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dustydoodoo

TimeGetTime()?

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float currentTime = timeGetTime() * 0.001f; How does timeGetTime() work, and why is there an 'f' at the end of that number? What is it for? Or what does it mean?

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timeGetTime gets the time in MS (roughly, it will return the time within a precision (see timeBeginPeriod/timeEndPeriod) actually, as it's not perfectly accurate always.). The f stands for float, and makes that a const float

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Quote:
Original post by dustydoodoo
why is there an 'f' at the end of that number? What is it for? Or what does it mean?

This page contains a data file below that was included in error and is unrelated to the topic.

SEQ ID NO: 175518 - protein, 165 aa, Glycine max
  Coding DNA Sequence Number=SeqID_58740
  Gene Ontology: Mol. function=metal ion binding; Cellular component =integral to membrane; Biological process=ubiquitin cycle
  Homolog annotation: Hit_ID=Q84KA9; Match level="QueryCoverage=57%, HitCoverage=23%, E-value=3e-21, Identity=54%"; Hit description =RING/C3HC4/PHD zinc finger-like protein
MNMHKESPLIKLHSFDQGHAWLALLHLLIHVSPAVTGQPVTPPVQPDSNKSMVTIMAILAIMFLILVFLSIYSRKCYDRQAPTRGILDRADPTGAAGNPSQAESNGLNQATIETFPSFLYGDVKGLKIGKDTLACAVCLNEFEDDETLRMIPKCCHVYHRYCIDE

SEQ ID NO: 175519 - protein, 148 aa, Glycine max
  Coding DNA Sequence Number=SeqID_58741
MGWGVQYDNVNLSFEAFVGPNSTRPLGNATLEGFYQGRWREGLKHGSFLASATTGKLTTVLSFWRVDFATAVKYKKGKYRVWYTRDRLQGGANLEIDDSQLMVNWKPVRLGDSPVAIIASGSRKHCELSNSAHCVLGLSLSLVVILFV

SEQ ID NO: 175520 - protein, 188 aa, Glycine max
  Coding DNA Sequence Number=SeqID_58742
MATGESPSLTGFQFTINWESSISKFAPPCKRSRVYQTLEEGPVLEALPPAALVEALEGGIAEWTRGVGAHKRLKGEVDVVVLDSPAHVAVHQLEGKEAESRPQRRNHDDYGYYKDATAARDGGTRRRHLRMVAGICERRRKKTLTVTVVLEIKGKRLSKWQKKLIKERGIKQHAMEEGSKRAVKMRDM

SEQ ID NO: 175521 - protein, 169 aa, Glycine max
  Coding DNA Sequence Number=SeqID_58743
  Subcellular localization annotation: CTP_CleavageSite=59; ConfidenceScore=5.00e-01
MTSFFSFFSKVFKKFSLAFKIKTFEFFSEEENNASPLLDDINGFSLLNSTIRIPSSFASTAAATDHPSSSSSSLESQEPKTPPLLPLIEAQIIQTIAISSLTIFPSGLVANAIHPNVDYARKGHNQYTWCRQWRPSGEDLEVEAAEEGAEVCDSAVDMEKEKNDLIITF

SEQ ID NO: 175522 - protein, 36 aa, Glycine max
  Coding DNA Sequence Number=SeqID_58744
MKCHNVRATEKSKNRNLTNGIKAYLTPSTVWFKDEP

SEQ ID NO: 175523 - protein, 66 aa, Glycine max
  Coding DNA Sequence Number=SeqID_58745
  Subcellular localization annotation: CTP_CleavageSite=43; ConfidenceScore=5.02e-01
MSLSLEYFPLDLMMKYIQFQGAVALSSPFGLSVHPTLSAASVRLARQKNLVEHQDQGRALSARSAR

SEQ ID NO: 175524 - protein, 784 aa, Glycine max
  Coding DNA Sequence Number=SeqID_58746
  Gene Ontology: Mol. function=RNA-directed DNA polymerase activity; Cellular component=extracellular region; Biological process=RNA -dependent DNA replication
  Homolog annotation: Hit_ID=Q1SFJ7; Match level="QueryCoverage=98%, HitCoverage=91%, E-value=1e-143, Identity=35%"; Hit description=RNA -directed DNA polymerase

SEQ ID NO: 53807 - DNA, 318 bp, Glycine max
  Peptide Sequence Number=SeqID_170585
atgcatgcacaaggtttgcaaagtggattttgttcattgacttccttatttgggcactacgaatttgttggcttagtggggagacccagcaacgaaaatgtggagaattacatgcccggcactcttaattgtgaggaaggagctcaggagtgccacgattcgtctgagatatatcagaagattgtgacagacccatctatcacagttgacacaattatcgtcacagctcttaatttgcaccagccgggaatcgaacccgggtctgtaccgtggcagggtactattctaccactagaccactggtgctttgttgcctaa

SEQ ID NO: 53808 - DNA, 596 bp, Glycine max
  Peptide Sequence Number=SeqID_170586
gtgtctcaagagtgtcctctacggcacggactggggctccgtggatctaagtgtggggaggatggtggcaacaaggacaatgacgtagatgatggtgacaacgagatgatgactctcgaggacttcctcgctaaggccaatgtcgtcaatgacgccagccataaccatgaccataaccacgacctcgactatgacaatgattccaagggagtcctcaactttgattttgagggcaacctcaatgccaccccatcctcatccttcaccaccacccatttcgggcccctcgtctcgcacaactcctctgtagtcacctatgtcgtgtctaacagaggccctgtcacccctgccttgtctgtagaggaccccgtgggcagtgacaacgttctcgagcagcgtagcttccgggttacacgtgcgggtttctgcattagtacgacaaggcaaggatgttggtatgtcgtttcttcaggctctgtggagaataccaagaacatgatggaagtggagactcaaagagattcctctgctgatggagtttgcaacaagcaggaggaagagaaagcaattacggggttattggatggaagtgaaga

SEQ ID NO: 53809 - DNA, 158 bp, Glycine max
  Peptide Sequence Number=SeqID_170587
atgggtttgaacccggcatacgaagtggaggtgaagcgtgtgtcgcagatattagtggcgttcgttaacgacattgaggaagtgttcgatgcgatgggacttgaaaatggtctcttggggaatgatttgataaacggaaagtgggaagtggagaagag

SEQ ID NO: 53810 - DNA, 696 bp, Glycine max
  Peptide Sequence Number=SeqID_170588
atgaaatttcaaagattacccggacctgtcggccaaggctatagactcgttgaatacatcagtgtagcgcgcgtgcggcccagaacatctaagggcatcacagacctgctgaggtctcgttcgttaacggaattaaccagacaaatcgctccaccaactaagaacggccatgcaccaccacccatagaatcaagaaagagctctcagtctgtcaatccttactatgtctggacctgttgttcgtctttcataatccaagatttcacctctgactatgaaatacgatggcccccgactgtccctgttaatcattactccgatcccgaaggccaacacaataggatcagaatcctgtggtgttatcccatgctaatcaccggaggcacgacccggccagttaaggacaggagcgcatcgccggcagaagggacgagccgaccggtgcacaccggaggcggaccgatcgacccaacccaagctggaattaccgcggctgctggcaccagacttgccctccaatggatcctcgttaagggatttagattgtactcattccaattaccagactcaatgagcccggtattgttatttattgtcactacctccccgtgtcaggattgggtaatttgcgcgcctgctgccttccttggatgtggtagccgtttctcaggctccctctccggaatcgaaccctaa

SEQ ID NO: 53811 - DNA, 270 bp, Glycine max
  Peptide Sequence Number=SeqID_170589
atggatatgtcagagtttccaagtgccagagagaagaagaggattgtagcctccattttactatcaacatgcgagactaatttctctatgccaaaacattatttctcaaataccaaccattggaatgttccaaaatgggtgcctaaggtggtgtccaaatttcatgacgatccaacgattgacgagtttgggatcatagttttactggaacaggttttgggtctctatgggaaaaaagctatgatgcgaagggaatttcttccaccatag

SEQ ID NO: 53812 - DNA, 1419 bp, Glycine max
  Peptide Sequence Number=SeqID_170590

f = float(I think). Some compilers have issues if you use something like: DoStuff(32); and not DoStuff(32.0f);

Edit: >_< Beaten by Washu in milliseconds.

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timeGetTime() returns the number of milliseconds that has passed since a given milestone (I don't remember which one exactly, but a trip to your friendly neighbourhood documentation would tell you that, much as it would tell you what timeGetTime() does in general...).

An f following a constant value indicates that you want that value interpreted as a float value. Without that there, it would be interpreted as a double, which of course doesn't match the data type it's being stuffed in.

Lastly, I don't know if you asked for this in specific, but it's multiplying by 0.001f because they want to convert from milliseconds to seconds, and that would be how.

-Auron

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